(Michael Billington’s article appeared in the Guardian, 4/28.)

I first came across Cat Jones's 60-minute play when it was submitted for one of the playwrights' bursaries annually awarded by Pearson. I'm happy to say that this story of a soldier trying to adjust to civilian life after serving in Afghanistan and Iraq proves every bit as gripping on the stage, where it's won prizes on the Edinburgh and Adelaide fringe, as it did on the page.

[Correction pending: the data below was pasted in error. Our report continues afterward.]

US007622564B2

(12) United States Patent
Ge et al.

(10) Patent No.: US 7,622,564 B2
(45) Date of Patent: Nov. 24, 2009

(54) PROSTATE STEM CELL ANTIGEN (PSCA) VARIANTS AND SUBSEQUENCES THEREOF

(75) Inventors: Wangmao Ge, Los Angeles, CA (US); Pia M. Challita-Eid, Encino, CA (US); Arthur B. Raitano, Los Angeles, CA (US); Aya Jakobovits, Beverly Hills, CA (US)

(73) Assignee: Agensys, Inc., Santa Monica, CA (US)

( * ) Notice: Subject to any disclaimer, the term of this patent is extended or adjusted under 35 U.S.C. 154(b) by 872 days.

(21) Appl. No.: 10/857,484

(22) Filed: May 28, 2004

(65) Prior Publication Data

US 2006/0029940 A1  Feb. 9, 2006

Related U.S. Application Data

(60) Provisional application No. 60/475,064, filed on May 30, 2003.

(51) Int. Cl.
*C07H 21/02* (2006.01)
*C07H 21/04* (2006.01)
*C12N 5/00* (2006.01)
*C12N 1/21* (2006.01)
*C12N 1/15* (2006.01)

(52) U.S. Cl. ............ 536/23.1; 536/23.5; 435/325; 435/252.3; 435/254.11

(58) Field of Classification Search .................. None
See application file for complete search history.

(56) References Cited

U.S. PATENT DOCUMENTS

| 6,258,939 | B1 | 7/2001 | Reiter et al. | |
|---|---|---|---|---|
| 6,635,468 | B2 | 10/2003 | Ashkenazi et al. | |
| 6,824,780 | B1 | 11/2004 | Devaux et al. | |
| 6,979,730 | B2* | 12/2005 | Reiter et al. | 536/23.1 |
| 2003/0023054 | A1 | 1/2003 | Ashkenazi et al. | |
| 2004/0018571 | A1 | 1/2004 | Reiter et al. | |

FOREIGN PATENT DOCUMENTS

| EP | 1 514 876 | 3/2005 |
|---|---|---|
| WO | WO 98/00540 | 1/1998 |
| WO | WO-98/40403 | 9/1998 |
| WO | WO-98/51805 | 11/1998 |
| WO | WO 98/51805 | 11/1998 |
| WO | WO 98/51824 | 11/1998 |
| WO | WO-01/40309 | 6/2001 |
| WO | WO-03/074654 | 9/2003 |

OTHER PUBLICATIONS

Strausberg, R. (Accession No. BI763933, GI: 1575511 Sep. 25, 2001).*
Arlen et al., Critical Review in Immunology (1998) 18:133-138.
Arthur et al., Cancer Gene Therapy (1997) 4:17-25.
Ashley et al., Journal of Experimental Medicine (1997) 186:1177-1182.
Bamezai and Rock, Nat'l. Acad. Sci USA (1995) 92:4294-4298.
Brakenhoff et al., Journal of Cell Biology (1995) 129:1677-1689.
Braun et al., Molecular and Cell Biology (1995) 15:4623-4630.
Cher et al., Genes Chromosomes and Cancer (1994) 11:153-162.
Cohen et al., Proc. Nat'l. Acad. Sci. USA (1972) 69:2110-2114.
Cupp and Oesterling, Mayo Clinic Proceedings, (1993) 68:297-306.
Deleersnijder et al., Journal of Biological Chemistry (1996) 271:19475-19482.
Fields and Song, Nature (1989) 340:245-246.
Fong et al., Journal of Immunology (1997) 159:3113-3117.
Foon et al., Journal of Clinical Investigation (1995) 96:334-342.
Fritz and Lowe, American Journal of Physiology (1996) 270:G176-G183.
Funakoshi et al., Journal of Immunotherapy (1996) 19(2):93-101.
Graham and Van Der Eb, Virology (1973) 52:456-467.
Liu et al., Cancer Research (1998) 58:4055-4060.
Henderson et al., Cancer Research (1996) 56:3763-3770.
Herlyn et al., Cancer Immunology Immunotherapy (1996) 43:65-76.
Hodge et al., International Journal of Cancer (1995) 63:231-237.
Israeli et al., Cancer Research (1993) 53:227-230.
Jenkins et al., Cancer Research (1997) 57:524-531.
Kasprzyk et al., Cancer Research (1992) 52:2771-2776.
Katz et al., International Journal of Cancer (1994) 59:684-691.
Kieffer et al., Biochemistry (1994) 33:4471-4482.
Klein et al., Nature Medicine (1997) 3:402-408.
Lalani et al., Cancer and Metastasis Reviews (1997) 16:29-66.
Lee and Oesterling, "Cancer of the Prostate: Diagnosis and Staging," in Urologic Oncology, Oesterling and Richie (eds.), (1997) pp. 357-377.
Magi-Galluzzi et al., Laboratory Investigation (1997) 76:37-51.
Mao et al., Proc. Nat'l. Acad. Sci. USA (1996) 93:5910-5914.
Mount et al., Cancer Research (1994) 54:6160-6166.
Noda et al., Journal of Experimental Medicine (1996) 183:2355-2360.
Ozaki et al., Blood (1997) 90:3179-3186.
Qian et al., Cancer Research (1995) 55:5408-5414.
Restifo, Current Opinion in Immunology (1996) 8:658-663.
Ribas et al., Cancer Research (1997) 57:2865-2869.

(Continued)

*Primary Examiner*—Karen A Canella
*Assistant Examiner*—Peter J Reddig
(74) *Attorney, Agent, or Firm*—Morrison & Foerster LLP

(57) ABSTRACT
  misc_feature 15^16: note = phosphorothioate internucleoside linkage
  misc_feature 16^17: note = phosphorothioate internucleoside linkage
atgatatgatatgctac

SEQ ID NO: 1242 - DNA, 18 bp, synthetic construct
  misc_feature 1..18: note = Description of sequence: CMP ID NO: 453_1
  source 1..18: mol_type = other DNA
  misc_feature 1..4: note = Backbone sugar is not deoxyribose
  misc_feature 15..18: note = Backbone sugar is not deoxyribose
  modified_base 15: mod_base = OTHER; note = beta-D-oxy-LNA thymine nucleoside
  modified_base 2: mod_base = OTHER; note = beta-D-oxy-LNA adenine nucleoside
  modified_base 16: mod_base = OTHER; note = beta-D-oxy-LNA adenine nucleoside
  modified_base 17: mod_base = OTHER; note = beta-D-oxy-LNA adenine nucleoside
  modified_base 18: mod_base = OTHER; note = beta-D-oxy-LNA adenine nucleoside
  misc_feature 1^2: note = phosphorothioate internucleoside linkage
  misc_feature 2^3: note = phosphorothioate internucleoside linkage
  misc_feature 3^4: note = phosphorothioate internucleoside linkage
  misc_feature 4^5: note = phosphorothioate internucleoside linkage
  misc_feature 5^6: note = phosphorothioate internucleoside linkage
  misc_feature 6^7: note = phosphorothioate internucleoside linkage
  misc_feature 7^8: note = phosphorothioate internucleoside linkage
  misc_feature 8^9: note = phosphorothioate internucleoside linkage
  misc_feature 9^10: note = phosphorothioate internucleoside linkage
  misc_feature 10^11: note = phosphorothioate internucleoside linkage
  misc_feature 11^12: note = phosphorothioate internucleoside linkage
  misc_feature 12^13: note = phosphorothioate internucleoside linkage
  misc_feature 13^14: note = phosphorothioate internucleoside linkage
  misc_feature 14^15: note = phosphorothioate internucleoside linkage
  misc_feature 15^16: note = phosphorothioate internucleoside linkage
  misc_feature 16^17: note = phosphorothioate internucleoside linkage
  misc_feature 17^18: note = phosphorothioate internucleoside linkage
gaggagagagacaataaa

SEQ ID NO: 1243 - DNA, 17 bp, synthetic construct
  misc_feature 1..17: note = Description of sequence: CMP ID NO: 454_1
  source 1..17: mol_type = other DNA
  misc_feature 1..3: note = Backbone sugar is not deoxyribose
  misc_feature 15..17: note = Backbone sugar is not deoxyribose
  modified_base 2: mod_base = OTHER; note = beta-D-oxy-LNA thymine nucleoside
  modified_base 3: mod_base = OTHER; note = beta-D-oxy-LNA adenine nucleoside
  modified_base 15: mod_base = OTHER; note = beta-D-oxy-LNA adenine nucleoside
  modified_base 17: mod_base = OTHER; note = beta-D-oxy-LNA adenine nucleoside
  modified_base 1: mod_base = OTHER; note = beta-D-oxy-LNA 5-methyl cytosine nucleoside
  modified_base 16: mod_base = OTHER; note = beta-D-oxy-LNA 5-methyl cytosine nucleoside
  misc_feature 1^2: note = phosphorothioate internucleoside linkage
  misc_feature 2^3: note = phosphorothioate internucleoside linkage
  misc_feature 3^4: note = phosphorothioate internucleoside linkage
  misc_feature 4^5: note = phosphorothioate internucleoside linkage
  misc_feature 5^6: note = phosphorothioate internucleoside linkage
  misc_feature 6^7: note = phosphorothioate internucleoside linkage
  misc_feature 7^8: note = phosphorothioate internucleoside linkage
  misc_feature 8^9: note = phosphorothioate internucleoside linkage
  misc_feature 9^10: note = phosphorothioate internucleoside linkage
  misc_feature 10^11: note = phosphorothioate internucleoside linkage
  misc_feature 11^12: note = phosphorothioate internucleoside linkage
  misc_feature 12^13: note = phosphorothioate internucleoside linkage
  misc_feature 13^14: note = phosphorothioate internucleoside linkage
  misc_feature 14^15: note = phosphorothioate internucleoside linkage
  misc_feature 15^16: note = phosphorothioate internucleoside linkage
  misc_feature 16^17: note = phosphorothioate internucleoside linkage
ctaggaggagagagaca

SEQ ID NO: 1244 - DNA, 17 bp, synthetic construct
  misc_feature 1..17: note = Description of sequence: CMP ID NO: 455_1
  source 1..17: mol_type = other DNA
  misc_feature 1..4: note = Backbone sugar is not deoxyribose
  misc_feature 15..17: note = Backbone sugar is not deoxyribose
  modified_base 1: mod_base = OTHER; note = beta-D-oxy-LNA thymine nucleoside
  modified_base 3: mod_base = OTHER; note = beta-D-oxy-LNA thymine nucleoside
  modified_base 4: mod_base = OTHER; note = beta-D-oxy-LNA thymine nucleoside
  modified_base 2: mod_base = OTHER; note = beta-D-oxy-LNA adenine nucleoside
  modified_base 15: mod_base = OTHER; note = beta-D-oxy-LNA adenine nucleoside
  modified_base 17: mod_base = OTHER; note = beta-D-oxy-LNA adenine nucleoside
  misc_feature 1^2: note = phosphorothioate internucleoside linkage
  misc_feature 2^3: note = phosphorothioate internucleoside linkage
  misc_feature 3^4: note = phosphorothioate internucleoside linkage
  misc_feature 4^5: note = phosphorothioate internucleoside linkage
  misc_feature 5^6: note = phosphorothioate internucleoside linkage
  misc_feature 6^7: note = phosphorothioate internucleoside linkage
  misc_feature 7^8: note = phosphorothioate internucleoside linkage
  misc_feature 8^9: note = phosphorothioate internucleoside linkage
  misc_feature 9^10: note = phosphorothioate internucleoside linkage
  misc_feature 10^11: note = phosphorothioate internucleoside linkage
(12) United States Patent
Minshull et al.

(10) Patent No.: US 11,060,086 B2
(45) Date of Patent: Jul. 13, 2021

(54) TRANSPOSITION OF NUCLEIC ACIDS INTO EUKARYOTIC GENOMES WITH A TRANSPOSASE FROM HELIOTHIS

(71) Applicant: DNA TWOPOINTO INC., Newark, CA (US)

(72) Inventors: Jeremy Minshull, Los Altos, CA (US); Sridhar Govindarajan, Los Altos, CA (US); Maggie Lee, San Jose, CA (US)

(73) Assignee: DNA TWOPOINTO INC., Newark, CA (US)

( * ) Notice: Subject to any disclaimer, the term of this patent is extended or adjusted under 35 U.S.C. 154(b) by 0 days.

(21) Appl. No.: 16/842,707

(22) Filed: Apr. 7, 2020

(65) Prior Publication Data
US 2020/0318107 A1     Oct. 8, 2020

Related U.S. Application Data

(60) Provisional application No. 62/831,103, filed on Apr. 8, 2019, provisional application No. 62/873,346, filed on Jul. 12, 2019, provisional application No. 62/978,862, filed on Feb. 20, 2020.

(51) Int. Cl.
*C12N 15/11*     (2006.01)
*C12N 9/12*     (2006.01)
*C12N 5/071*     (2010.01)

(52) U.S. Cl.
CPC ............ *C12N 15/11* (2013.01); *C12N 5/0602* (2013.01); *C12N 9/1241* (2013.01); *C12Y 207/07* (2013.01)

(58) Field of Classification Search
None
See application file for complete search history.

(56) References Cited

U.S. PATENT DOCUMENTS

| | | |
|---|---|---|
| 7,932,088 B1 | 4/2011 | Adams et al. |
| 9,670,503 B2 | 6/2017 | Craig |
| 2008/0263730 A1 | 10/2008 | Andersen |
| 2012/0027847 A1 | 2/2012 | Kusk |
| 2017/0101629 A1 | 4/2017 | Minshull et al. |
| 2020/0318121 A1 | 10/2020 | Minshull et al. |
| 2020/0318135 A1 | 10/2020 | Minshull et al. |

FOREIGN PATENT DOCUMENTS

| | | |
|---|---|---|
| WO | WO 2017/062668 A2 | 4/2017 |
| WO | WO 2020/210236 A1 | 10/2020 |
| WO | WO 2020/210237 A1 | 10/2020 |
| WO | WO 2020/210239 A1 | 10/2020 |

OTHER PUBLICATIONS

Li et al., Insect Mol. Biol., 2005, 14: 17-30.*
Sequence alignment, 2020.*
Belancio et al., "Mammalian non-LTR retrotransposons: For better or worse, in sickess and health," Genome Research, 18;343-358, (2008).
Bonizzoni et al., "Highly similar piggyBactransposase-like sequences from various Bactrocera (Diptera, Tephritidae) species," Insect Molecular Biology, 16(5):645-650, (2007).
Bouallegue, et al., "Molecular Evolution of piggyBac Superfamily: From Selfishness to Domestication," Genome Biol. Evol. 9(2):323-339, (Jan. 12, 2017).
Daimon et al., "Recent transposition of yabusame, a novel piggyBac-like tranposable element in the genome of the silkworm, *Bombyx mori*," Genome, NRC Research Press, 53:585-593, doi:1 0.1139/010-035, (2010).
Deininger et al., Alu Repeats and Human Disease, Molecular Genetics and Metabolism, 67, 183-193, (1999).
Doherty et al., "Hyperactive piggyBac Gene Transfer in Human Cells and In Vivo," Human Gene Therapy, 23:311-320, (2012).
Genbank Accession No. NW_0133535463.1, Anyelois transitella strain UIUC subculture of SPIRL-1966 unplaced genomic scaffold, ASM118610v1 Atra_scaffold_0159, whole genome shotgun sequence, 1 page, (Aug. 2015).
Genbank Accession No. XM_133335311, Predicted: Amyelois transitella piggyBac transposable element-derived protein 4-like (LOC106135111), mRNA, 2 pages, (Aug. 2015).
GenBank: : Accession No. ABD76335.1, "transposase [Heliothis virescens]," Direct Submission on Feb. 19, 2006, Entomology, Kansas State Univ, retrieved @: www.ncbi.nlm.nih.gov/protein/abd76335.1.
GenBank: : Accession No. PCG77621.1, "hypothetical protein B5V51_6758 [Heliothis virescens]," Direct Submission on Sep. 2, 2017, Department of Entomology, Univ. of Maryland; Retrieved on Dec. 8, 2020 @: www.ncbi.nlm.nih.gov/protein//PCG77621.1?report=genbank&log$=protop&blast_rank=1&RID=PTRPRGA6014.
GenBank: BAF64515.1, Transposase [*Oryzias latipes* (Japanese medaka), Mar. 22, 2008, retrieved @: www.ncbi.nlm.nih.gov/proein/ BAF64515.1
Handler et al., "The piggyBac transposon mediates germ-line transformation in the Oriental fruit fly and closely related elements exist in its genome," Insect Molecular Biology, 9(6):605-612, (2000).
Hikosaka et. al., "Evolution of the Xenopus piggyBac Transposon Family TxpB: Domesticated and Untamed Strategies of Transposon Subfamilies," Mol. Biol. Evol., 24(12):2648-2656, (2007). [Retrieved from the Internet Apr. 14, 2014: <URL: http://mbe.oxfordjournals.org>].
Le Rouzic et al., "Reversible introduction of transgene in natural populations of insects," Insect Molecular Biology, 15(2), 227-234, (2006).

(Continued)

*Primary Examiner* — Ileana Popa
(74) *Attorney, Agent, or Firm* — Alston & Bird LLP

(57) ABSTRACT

Given that Jones's play derives from discussions with ex-servicemen doing time in Doncaster, you might expect it to go easy on its screwed-up hero. If anything, it does the reverse, since the returning Ray is seen as a misogynist, racist bully. He hammers on the door of a backstreet pub demanding to be let in just as fiercely as he once battered his ex-wife Carla who is lurking inside. Having gained admission, the blood-spattered Ray not only proves to be on the run: he also locks the doors, and proceeds to intimidate the teenage barmaid and timorous publican, and forcibly try to get Carla to flee to Brighton with him and their two children.


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